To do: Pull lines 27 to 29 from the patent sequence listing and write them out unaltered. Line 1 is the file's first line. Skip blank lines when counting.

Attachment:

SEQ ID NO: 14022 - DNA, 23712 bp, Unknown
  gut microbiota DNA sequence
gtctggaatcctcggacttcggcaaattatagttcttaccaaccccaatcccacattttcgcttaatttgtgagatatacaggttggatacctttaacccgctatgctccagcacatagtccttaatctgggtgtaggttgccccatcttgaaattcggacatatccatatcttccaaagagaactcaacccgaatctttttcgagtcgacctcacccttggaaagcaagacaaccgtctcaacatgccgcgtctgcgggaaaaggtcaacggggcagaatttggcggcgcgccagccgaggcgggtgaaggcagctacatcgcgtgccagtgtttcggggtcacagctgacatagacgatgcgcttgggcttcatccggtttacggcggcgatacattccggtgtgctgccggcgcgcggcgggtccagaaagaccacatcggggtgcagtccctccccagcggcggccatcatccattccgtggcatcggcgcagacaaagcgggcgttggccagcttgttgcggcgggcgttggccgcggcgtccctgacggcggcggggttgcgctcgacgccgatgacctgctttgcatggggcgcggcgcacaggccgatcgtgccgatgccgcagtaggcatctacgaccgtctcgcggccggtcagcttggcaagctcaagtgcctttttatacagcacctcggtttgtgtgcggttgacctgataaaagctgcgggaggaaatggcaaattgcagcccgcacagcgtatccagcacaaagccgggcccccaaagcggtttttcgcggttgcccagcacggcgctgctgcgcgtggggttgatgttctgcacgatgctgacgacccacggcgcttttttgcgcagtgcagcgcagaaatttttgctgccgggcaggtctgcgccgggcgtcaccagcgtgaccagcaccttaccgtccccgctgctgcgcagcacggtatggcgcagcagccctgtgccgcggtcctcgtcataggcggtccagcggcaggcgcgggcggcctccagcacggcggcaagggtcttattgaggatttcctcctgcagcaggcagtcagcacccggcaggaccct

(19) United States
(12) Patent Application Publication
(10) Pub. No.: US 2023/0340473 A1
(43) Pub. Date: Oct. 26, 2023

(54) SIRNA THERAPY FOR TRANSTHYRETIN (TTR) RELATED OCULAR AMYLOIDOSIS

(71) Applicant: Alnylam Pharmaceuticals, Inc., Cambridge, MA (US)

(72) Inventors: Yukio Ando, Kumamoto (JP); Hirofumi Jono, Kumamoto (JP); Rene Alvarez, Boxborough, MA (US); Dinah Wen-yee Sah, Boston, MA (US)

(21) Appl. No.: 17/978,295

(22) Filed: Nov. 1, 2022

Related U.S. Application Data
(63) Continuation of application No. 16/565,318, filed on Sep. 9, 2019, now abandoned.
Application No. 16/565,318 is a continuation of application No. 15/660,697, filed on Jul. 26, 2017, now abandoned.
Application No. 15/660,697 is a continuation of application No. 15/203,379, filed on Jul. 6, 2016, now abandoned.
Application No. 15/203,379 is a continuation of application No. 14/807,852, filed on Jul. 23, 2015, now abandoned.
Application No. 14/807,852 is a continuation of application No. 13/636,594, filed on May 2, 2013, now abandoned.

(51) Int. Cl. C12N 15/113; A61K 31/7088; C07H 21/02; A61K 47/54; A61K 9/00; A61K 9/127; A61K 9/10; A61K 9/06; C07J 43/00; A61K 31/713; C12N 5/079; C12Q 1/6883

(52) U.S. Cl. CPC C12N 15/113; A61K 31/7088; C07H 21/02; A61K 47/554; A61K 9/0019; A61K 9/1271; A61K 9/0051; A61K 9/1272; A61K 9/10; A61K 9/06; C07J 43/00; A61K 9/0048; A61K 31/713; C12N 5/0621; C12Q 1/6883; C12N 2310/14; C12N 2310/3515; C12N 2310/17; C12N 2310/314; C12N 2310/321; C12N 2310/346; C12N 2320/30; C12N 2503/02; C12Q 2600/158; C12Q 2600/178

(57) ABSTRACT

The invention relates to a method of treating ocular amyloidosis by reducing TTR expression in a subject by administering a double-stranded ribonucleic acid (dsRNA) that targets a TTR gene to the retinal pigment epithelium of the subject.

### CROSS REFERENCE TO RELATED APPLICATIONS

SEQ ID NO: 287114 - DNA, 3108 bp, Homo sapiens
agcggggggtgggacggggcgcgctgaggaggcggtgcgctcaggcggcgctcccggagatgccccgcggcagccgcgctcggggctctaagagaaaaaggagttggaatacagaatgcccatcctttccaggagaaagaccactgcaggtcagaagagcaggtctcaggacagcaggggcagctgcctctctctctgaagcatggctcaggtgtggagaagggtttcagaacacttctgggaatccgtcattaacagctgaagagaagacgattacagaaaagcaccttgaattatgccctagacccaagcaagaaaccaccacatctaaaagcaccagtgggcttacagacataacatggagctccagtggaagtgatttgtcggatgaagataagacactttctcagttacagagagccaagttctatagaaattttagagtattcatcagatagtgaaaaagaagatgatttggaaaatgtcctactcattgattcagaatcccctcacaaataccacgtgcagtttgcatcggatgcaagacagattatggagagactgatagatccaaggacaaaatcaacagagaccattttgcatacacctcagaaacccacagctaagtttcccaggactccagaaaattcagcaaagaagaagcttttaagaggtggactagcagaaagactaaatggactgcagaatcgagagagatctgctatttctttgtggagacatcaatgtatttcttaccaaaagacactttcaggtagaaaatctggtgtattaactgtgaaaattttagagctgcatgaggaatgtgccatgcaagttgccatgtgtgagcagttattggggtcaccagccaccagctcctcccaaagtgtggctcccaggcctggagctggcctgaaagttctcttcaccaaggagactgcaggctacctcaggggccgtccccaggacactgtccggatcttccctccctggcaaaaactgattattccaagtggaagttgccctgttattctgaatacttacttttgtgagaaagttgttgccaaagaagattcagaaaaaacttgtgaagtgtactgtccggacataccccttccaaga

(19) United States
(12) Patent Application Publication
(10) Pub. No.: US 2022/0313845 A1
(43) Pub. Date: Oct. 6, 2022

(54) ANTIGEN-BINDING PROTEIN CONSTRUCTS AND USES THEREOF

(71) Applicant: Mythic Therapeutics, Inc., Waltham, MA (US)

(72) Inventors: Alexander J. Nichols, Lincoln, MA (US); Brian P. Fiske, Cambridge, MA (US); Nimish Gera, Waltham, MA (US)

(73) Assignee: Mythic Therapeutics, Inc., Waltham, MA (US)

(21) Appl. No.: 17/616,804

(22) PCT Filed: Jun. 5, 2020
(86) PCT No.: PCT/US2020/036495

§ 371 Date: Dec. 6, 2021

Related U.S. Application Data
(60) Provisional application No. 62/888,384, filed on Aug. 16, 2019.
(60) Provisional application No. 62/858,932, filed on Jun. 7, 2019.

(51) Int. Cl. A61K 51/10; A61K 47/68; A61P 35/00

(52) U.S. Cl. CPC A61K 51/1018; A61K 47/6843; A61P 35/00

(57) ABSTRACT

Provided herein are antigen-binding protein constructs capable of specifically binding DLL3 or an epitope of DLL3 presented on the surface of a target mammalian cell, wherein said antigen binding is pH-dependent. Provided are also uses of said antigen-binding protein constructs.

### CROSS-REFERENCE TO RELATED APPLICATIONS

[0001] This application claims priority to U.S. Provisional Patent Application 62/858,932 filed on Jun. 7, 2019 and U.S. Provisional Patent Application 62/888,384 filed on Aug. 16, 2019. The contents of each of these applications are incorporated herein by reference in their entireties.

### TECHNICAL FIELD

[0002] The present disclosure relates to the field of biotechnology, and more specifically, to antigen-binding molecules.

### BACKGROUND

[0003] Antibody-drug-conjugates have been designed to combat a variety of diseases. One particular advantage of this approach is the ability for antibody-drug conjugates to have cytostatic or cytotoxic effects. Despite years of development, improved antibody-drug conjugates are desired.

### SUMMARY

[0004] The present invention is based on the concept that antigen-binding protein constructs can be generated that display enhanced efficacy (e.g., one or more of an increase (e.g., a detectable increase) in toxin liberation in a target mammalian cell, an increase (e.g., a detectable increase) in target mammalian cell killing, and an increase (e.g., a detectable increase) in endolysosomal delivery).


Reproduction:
(12) Patent Application Publication
(10) Pub. No.: US 2022/0313845 A1
(43) Pub. Date: Oct. 6, 2022